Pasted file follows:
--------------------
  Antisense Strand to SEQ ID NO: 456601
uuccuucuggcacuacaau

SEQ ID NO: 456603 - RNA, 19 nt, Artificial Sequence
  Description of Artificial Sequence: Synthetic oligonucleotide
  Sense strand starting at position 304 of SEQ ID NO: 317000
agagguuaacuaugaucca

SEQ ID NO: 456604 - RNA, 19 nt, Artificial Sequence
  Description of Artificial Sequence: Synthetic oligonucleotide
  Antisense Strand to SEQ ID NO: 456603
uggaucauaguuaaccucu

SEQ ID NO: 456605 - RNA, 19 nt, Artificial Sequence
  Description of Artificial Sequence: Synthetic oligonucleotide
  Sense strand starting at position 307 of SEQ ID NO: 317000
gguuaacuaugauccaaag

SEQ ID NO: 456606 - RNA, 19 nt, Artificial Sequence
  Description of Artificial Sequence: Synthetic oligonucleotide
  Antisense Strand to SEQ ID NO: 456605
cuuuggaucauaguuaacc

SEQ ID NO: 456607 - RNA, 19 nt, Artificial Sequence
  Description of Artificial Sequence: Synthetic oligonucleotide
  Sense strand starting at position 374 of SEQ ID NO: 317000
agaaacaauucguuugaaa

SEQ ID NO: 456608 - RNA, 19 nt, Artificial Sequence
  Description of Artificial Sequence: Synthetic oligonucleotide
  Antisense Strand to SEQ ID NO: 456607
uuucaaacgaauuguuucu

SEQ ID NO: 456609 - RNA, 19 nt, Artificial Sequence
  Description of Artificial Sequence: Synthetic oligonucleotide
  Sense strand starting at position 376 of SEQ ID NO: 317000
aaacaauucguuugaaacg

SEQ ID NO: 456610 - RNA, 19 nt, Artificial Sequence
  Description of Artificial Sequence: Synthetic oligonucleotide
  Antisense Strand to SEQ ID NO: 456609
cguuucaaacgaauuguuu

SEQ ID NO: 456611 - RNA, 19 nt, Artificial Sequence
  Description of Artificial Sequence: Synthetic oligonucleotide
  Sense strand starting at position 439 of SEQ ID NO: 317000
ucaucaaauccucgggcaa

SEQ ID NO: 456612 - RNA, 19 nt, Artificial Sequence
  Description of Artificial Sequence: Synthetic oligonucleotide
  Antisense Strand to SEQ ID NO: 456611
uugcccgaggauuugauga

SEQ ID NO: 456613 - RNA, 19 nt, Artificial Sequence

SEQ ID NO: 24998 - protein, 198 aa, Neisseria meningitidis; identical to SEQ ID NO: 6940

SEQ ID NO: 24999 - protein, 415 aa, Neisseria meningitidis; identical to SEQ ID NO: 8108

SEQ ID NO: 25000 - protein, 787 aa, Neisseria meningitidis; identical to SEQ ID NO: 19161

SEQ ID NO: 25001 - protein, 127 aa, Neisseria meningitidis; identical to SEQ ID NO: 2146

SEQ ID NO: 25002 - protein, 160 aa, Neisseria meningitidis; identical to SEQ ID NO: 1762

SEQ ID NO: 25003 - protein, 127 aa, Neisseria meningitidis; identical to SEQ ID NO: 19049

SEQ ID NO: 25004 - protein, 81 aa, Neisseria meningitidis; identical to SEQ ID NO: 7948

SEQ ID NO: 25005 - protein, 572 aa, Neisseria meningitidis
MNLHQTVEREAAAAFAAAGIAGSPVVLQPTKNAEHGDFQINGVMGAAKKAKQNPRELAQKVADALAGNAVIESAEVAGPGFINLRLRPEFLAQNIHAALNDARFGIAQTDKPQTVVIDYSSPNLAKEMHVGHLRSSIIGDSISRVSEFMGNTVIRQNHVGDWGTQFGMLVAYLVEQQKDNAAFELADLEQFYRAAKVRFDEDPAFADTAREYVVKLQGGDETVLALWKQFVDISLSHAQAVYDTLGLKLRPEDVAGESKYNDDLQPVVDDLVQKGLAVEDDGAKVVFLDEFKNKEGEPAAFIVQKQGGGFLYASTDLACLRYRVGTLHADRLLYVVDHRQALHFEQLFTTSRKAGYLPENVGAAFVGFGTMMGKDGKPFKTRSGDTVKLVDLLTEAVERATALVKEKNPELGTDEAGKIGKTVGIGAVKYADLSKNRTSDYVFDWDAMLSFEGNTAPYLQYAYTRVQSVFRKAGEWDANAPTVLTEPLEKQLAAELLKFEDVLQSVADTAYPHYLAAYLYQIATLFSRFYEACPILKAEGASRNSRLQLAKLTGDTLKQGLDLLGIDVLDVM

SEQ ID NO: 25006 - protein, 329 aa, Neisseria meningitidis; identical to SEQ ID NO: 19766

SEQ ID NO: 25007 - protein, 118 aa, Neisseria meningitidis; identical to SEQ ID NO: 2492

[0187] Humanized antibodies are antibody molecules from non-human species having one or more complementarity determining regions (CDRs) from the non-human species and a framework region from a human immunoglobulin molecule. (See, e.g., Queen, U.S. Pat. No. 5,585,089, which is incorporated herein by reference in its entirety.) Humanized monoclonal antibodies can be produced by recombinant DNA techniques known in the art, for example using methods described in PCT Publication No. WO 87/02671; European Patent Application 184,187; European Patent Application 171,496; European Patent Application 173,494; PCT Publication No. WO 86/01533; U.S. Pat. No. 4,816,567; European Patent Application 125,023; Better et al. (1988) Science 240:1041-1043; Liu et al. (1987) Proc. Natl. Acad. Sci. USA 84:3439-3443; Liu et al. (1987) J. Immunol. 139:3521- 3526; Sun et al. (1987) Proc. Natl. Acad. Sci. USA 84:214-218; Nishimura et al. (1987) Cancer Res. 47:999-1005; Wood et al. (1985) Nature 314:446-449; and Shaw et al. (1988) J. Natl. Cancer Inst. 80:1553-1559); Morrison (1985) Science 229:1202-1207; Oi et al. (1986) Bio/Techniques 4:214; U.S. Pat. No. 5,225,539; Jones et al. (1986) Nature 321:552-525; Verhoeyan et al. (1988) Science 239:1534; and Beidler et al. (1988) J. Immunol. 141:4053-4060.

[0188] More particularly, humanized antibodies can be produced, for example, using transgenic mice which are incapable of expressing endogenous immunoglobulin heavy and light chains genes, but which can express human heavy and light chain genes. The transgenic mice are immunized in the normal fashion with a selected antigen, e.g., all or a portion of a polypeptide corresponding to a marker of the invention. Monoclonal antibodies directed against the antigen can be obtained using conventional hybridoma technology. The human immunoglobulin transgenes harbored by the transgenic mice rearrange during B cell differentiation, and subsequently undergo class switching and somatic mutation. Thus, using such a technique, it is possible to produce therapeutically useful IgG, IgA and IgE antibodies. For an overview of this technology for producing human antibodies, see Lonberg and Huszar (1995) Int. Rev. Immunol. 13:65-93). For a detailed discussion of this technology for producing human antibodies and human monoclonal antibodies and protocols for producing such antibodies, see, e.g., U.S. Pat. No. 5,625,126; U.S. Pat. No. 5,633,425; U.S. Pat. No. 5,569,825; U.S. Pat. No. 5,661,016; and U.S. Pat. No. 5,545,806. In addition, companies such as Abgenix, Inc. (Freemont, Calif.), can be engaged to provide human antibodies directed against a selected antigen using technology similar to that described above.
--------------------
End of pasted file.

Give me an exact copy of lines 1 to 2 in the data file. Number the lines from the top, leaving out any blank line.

  Antisense Strand to SEQ ID NO: 456601
uuccuucuggcacuacaau